Anyway, sorry for rambling, JustJem. I just wanted to express that while your situation is unfortunately common, it is not your fault and it is not hopeless. You are certainly not alone in this, nor are you a drain on society - benefits exist exactly for that reason, though I know that logically knowing that doesn't always help. It is hard, to be in a society built for neurotypical and able-bodied people when you are not one (or both).

    Anyway, I am wishing you all the best. Take care of yourself.
    Community Volunteer Adviser with professional knowledge of neurodiversity.
  • Autism_at_40
    Autism_at_40 Community member Posts: 723 Pioneering
    @JustJem
    I can completely relate to this.
    I am 40, got diagnosed in 2021, so I tried to work, I have had 20 jobs because I get so stressed out in them that I end up having to leave.
    Last year, I told myself that I just wouldn't do that any more.  Since then, I have had a lot of other health issues that have prevented me from going into work.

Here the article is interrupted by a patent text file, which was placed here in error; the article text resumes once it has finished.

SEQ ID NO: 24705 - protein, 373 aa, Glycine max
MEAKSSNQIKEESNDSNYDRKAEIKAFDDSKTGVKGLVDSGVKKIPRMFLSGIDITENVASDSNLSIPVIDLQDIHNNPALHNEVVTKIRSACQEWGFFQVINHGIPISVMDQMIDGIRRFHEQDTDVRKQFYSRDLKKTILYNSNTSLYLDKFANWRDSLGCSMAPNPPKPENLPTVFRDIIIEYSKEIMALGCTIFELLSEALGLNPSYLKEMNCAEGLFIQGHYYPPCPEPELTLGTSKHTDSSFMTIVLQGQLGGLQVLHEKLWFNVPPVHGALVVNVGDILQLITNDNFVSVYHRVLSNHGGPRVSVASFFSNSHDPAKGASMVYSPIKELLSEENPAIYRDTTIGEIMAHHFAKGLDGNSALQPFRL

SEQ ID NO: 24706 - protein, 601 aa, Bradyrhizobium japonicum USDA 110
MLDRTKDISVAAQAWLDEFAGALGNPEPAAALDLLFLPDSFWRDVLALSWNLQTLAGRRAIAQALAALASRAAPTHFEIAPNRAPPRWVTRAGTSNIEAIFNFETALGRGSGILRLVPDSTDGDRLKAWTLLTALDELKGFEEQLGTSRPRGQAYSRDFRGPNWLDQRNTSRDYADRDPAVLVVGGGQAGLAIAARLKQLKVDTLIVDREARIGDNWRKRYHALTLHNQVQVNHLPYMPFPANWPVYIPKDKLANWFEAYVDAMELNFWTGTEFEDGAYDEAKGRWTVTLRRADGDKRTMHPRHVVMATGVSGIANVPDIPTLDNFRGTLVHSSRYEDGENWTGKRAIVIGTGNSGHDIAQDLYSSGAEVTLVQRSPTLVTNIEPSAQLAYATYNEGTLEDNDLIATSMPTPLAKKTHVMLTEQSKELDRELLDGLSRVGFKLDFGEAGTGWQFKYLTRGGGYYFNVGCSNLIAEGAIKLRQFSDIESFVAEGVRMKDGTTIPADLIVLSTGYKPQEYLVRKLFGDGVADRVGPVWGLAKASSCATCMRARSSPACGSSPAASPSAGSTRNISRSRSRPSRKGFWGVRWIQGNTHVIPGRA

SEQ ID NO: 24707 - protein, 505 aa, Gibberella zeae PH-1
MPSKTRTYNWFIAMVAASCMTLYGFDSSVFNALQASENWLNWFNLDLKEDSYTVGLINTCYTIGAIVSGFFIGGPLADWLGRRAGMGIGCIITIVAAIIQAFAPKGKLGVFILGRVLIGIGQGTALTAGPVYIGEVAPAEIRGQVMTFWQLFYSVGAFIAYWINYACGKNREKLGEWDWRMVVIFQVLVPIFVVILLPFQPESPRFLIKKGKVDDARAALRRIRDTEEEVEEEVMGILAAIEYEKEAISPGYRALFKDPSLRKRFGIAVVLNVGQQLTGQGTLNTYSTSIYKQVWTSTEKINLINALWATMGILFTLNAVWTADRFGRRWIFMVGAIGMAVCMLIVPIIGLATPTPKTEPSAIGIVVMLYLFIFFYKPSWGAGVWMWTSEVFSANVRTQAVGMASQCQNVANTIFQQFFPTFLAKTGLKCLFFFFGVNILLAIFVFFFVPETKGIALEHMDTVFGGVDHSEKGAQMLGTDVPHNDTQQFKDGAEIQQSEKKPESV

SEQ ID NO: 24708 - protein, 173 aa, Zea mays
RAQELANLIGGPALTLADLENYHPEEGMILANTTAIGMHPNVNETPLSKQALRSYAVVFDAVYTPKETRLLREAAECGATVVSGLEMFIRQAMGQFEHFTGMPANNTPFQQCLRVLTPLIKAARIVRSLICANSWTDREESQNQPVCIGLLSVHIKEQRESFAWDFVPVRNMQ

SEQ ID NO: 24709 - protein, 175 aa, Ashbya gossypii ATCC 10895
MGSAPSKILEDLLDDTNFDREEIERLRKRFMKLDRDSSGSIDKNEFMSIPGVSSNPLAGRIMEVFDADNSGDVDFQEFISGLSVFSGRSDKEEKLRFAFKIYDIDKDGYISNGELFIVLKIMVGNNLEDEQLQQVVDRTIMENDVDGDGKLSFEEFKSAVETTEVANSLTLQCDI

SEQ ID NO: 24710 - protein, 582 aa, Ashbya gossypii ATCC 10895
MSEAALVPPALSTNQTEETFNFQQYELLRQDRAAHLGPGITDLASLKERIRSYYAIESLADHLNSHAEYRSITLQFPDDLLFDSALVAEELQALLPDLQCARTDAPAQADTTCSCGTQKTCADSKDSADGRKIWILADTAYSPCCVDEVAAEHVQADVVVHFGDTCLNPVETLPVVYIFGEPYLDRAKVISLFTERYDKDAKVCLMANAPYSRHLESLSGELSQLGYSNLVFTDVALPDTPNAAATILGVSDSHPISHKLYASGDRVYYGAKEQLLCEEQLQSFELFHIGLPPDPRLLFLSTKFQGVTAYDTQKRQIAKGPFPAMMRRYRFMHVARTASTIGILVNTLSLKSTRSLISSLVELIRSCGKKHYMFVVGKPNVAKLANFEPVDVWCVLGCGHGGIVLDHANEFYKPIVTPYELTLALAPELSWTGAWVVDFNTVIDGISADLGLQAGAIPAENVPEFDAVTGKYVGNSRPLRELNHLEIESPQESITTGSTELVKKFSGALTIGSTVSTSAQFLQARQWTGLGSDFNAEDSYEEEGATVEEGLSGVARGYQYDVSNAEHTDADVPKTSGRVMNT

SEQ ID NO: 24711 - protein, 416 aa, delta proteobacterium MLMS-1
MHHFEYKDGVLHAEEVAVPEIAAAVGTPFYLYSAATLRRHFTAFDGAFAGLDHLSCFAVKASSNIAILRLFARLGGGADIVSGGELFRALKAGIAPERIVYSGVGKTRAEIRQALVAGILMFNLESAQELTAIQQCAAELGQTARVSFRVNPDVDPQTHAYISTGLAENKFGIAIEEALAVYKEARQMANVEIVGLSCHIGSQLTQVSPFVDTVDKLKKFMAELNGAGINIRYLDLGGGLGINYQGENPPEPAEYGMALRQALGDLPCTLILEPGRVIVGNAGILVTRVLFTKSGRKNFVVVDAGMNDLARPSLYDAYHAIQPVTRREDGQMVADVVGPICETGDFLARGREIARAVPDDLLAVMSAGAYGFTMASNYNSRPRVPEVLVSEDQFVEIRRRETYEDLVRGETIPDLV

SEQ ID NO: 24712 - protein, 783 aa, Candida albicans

I have decided that I will only work if I feel I can do it and I won't put my health before anything else in future.  
    Thankfully, I received the enhanced rate of PIP and don't pay any council tax, or rent, and am on LCW with job centre so currently I don't feel under pressure to get a job.

    I have spent a lot of time around people (particularly last year living with my sister), who seem to think that it's normal and ok to put yourself on the back burner and go to work.  My sister was always telling me that I should be an adult and go get a job.  It's not helpful.

    I have literally just moved into my own place, completely responsible for everything myself and have pushed myself so much to get it all sorted that I am currently feeling like I am in burnout/shutdown.  I refuse to feel bad for looking after myself in this time where all i want to do is sleep.

    Don't feel like you are a drain on society, it's not your 'fault' and like I think other people have said (sorry, didn't have the energy to fully read other people's responses), this is what the money is there for, to help people in need.

    I think the only reason people claiming benefits get a bad rap is because of those that are doing it when they don't actually need to.

    I hope you feel a bit better and try not to be so hard on yourself, take care of yourself first.

Brightness